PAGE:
Verbill is a talented Brisbane MC doing things the independent way. With his self-titled debut EP released in December, and lauded as one of the best local hip hop EPs of 2012, a quick stint travelling overseas sees Verbill back on his home-turf for a night of EP launches, kicks and snares.
“Raven and Myk approached me about doing a dual launch with them in Melbourne and Brisbane and I was all for it. I am looking forward to it because not only do I get to put on my own show, but I get to witness theirs. Raven and Myk are some of Melbourne’s dopest MCs, and DJ Discourse is a very talented dude. There’s a number of great supports on the evening, including The Optimen. So for all the people in Brissy who appreciate good hip hop, make sure you come down and check it out.”
Born in Switzerland, and raised in Brisbane, Verbill has long been on the underground radar as a member of former crew Left One, and further cemented his status with a feature on Brad Strut’s ‘Legendary’ mixtape in 2006. While his hard-hitting flow may have been tempered by maturity, ‘Back In The Days’, the second single released off his debut, shows his hip hop allegiances with a streak of youthful irreverence.
“I’d just like to point out that every song on my EP, with the exception of ‘Buggin&Illin’, is 100 percent true… I moved to Australia at a very young age. Everything I talk about in that song, all the parties, drinking, all-nighters, girls, smoking, running amuck, dodging police and skateboarding, all happened here in Brissy.
“I have even had people from other parts of the world tell me they can relate to the content of the songs. It’s cool to think that we could grow up in places that are totally separated geographically but still share such similar experiences.”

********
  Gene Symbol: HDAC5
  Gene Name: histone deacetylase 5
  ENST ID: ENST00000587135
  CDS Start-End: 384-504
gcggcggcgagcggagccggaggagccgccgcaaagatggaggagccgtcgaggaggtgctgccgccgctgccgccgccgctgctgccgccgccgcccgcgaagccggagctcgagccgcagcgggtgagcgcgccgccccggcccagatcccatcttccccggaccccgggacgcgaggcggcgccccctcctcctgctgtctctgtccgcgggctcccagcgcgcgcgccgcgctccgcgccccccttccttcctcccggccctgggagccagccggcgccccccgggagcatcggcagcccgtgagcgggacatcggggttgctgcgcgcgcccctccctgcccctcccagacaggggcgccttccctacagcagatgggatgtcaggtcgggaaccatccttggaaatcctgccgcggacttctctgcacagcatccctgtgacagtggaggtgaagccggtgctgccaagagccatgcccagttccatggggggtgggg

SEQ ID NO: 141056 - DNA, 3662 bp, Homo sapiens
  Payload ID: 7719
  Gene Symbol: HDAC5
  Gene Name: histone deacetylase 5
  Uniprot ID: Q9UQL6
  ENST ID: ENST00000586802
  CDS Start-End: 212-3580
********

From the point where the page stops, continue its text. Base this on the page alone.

Another standout on the EP is ‘Everything’, featuring the vocals of Jay from Paua, with the aftermath of a break-up providing the inspiration to tread the road of heartbreak. Too often in hip hop, break-up songs can be held captive by misogynistic undertones and resentment, but Verbill wanted to show a different side.
“Writing that song was pretty ironic, because when I was with the girl she always used to ask me to write something about her. I never did though, because I was too busy writing rhymes about how sick I was at writing rhymes, plus I didn’t really know how to write ‘nice’ songs at that point.
“When we broke up and went our separate ways, however, I wrote that song at a time that I was missing her. It came naturally and it was sort of my way of dealing with not being with her. At the same time, it is a tribute to her and a way to say thanks for the impact she had on my life and all the good times we shared together.”
Circulating through the same crowds, the EP is the result of his collaboration with well known Brisbane producer Nick One.
“I met Nick through his brother Sammsonite [The Optimen]. It wasn’t until years later that we started working together and he started showing me some of his beats. Working with Nick is great because he is very good at what he does. He was just as passionate about the project as me and brought a lot to the table.”
With the EP available since December last year, Verbill understands that in the music world six months can be a nail in the coffin, but the choice was made to put off a live show until all loose ends were tied.
“[The EP] probably took about two years in total, and there were probably four tracks dropped from it… Being my debut release, I wasn’t entirely sure how to put it out, but I definitely wanted to make sure it was done right.
“In the process I learnt a lot about the industry. The good things about the hassle I went through is that I now feel like I have the knowledge and tools to do things a lot quicker the next time around. I have the structure in place now… I guess the plus side to it is that people have had more time to digest the music before they see it performed live.”
With an LP in the works, this experience will undoubtedly come in handy.
Verbill plays the Transcontinental Hotel with Raven & Myk Reid Saturday July 20.